Lawsuits: Federal Gov’t Fails To Protect Military Reservists Returning To Civilian Jobs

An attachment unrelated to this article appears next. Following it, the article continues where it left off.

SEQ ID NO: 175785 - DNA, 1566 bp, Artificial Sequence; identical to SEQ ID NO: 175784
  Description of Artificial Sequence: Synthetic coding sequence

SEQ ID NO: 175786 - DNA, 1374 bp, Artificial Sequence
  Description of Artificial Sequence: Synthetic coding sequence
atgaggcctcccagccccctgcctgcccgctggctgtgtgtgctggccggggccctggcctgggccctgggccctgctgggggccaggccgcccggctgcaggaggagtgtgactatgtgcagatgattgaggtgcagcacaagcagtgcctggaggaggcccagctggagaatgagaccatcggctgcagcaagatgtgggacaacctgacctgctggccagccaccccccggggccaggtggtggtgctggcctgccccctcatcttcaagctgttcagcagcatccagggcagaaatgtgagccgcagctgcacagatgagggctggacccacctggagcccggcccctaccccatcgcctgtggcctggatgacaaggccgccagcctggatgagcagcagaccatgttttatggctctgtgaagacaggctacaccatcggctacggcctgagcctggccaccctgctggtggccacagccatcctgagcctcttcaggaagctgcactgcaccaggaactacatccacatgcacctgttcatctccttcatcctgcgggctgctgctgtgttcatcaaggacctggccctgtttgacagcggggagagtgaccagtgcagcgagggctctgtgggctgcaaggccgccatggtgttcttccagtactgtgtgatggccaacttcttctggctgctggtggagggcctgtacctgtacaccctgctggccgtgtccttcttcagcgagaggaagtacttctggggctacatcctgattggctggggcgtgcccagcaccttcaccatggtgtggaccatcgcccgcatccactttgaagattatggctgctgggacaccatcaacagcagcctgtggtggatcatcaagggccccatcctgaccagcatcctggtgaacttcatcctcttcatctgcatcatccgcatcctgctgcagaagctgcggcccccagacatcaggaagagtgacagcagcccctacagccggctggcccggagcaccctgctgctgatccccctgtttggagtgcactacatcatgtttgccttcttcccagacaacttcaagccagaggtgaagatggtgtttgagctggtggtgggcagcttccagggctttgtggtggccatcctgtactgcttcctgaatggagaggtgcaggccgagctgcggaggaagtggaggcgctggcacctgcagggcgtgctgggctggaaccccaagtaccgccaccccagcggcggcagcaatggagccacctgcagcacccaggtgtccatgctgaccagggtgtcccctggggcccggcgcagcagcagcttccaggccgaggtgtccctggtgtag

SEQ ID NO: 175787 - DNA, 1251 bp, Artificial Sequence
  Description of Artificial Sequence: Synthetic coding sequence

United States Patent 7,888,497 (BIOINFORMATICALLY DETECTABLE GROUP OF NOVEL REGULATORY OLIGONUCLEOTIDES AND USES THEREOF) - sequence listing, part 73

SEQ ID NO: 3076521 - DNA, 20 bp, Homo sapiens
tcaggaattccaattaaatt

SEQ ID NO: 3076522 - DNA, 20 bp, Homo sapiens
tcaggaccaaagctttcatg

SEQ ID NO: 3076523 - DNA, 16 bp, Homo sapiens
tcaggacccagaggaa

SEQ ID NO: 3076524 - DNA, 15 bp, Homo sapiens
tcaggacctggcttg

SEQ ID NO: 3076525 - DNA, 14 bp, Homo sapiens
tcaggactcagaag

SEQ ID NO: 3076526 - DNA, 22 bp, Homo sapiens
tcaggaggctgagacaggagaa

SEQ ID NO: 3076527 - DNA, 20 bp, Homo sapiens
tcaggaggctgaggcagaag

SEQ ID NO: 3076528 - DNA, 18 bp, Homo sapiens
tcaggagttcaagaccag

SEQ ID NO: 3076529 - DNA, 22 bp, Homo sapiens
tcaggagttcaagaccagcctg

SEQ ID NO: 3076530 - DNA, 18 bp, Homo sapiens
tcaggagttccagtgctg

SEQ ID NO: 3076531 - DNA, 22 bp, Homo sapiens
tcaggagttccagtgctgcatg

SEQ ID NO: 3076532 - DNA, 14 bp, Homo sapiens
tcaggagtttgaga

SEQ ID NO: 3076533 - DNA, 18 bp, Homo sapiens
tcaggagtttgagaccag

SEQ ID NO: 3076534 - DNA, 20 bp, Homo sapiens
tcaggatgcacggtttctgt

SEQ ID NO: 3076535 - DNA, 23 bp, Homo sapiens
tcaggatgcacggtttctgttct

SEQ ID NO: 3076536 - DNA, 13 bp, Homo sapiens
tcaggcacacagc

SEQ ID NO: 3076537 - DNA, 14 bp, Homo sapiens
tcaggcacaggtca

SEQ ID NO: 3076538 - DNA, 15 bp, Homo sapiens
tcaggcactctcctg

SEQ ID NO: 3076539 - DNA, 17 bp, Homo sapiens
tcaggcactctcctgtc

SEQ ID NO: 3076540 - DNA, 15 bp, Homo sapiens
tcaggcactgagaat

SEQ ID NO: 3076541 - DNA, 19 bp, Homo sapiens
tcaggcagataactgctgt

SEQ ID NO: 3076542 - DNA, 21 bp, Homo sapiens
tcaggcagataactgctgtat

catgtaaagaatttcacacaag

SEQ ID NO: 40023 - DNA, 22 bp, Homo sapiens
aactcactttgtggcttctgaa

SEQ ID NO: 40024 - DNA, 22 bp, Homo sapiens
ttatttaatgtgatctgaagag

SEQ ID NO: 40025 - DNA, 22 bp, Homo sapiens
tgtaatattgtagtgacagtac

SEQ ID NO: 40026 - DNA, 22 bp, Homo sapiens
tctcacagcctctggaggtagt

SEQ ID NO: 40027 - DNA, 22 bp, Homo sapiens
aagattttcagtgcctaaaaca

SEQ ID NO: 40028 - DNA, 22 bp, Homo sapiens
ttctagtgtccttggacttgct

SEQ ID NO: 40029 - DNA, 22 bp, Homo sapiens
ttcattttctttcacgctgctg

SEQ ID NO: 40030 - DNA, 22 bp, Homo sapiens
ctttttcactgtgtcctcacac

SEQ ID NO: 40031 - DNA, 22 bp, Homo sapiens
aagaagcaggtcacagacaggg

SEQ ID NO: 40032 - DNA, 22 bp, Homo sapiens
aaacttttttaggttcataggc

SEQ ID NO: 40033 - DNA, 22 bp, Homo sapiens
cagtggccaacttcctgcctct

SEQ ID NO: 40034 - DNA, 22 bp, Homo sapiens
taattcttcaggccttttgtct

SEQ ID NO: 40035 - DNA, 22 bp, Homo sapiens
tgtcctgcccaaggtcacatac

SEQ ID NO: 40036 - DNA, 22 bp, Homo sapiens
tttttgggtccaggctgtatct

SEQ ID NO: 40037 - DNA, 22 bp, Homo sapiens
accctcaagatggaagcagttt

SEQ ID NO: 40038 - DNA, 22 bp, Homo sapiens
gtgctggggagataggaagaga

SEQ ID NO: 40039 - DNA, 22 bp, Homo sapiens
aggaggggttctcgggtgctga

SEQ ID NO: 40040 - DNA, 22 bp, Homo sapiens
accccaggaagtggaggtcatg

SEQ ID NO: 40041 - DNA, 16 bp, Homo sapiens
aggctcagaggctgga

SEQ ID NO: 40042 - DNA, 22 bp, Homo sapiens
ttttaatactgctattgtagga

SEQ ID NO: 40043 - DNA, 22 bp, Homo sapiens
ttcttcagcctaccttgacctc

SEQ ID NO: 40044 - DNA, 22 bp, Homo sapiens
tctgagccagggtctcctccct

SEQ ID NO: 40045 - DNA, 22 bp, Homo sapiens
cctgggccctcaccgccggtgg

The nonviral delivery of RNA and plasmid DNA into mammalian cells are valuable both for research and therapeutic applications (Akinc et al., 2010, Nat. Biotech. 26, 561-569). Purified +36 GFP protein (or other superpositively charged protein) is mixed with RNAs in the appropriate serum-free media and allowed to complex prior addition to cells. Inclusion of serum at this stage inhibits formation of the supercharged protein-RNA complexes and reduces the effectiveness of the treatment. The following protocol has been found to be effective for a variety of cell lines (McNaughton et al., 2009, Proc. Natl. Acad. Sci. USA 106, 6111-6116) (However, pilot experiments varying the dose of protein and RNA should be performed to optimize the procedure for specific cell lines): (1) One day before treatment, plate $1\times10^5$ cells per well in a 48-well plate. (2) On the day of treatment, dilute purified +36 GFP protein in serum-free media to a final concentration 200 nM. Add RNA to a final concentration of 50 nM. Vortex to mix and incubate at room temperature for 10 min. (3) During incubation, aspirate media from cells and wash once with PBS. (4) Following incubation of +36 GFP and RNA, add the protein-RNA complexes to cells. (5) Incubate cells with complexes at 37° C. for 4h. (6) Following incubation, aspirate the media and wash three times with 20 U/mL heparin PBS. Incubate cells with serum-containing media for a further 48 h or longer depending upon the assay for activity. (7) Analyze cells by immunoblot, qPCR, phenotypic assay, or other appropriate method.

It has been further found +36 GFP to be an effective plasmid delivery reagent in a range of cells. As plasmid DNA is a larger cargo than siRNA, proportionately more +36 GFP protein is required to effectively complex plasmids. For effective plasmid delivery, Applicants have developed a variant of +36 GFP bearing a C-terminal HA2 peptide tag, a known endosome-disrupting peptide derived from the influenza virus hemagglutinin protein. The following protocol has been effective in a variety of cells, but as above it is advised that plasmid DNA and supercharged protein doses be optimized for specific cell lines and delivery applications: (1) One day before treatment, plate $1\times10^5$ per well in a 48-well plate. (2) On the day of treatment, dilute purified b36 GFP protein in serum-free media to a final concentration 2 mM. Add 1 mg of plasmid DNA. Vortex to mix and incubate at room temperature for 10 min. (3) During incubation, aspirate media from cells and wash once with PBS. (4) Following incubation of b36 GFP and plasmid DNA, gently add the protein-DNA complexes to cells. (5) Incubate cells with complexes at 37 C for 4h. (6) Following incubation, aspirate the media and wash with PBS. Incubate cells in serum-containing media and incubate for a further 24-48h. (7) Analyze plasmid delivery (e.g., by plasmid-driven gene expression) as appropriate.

Speaker 1: 00:00 When members of the National Guard and reserve are called away to serve in the military, the law protects them from losing their jobs or being denied promotions. KPBS military reporter Steve Walsh says there have been thousands of complaints against employers who don't follow the law and in many of those cases, the employer is the federal government itself. Speaker 2: 00:21 Marco spent 20 years as a special agent in the U S Drug Enforcement Administration until they retired last year. Coast also spent 30 years in the marines most of that time in the reserves. Speaker 3: 00:32 Hey one, he's in this defense department. Video shot at Camp Pendleton in 2011 I'm Lieutenant Colonel Mark Coast, the Commanding Officer Battalion 14th Grains Coast Artillery Brigade was practicing in the California desert, only come out for our annual training. We're able to exercise the metals that we need on an artillery battalion that you just can't get done in the two to three days. On a drill weekend. Speaker 2: 00:58 By 2011 coasted had already served four tours in Iraq as a marine reserve officer. While on leave from the DEA. He's now part of a lawsuit with 15 other DEA agents from San Diego who alleged that their supervisors discriminated against agents serving in the military. Co says, supervisors told him that continuing to serve just took too much time away from their full time jobs. Speaker 4: 01:21 Never in my wildest dreams did I or any of my colleagues assumed that we would get the most grief coming from our office. Speaker 2: 01:30 Coast says he and other reservists were denied promotions at DEA. He describes another agent who was moved to an office hours away from his home. Co says one of his supervisors came up to him in the mail room after he had just come back from his first tour in Iraq. Speaker 4: 01:44 He was asking me about my experience there and I said, yeah, it was pretty hard fighting up to Baghdad and I said, I got wounded at one point and he said, well, you know, if you hadn't stayed in the reserve, this wouldn't have happened. So you pretty much deserve everything you get. Speaker 2: 01:58 The DEA won't comment on ongoing litigation in the U S Justice Department. Patrick bullae heads the office of the special counsel, which enforces the federal uniform services, employment and Reemployment Rights Act, or you Sarah. Speaker 5: 02:12 We have an all volunteer military, so obviously this law helps keep our military all volunteer by, you know, giving people employment protection when they're trying to get a civilian job. Speaker 2: 02:23 The law requires the federal government to be the model employer, but over the last decade, out of the more than 11,800 cases filed through the department of labor, about 17% were filed against the federal government. The agencies named most frequently are those with the closest ties to the military. Civilians in the Department of Defense filed the most cases, about 500 followed by the Department of Veterans Affairs, the Postal Service and homeland security, which has the coast guard and border patrol. Speaker 5: 02:53 One could argue that it's because they employ a lot of veterans and service members, but of course we also want those agencies to be doing their best not to violate the law. Speaker 2: 03:02 Boulay says he believes in the vast reaches of the federal government. There are supervisors who just don't understand the long. One problem with UCRA is it's designed to get relief for individuals. [inaudible] says he can't force an entire agency to change its policies toward reservists. So the same issues keep cropping up. Brian Lawler is a retired marine reserve aviator and a San Diego lawyer who handles you sera cases. He says half of his cases are federal workers. Speaker 6: 03:29 We represent a gentleman who is a senior officer in the army reserve and a senior civilian employee working for the exact same command who is being denied benefits of his reserve service by the same command for whom he works as a civilian. Speaker 2: 03:44 You, Sarah cases can take years to resolve and at the moment the process is even slower. The merit systems protection board, which oversees appeals by federal workers, hasn't met in more than a year. The Trump administration was slow to offer appointments and the Senate hasn't confirmed any new members. The board has a backlog of 2100 cases waiting for its review. Steve Walsh KPBS news. Speaker 1: 04:11 This story was produced by the American homefront project, a public media collaboration that reports on American military life and veterans funding comes from the corporation for public broadcasting. Speaker 7: 04:32 [inaudible].